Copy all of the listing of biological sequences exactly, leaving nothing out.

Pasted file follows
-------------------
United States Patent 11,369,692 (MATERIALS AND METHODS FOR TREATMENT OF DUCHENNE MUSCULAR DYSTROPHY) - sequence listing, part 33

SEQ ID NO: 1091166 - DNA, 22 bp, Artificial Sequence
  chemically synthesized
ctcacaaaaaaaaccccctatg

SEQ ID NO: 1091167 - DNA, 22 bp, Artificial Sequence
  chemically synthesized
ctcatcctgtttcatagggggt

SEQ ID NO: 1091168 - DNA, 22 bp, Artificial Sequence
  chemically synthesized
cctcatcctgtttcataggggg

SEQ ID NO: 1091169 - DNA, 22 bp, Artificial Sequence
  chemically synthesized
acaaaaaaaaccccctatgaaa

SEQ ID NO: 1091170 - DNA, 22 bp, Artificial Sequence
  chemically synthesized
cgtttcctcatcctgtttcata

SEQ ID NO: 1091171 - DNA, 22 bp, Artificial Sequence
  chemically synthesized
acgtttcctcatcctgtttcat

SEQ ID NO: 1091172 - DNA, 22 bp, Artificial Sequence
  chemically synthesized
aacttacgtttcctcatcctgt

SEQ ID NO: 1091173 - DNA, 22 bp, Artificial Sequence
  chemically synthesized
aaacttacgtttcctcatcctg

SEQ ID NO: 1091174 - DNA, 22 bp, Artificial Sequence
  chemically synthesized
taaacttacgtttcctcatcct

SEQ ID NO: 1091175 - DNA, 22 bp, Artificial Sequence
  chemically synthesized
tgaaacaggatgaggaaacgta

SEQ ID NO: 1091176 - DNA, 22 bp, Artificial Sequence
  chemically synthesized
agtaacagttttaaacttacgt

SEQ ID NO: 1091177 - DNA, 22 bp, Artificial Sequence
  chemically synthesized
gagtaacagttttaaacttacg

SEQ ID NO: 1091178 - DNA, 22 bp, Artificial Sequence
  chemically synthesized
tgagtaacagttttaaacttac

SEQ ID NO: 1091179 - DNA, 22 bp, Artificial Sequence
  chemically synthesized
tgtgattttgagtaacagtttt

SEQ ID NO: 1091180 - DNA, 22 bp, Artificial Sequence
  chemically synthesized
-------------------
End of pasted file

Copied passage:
United States Patent 11,369,692 (MATERIALS AND METHODS FOR TREATMENT OF DUCHENNE MUSCULAR DYSTROPHY) - sequence listing, part 33

SEQ ID NO: 1091166 - DNA, 22 bp, Artificial Sequence
  chemically synthesized
ctcacaaaaaaaaccccctatg

SEQ ID NO: 1091167 - DNA, 22 bp, Artificial Sequence
  chemically synthesized
ctcatcctgtttcatagggggt

SEQ ID NO: 1091168 - DNA, 22 bp, Artificial Sequence
  chemically synthesized
cctcatcctgtttcataggggg

SEQ ID NO: 1091169 - DNA, 22 bp, Artificial Sequence
  chemically synthesized
acaaaaaaaaccccctatgaaa

SEQ ID NO: 1091170 - DNA, 22 bp, Artificial Sequence
  chemically synthesized
cgtttcctcatcctgtttcata

SEQ ID NO: 1091171 - DNA, 22 bp, Artificial Sequence
  chemically synthesized
acgtttcctcatcctgtttcat

SEQ ID NO: 1091172 - DNA, 22 bp, Artificial Sequence
  chemically synthesized
aacttacgtttcctcatcctgt

SEQ ID NO: 1091173 - DNA, 22 bp, Artificial Sequence
  chemically synthesized
aaacttacgtttcctcatcctg

SEQ ID NO: 1091174 - DNA, 22 bp, Artificial Sequence
  chemically synthesized
taaacttacgtttcctcatcct

SEQ ID NO: 1091175 - DNA, 22 bp, Artificial Sequence
  chemically synthesized
tgaaacaggatgaggaaacgta

SEQ ID NO: 1091176 - DNA, 22 bp, Artificial Sequence
  chemically synthesized
agtaacagttttaaacttacgt

SEQ ID NO: 1091177 - DNA, 22 bp, Artificial Sequence
  chemically synthesized
gagtaacagttttaaacttacg

SEQ ID NO: 1091178 - DNA, 22 bp, Artificial Sequence
  chemically synthesized
tgagtaacagttttaaacttac

SEQ ID NO: 1091179 - DNA, 22 bp, Artificial Sequence
  chemically synthesized
tgtgattttgagtaacagtttt

SEQ ID NO: 1091180 - DNA, 22 bp, Artificial Sequence
  chemically synthesized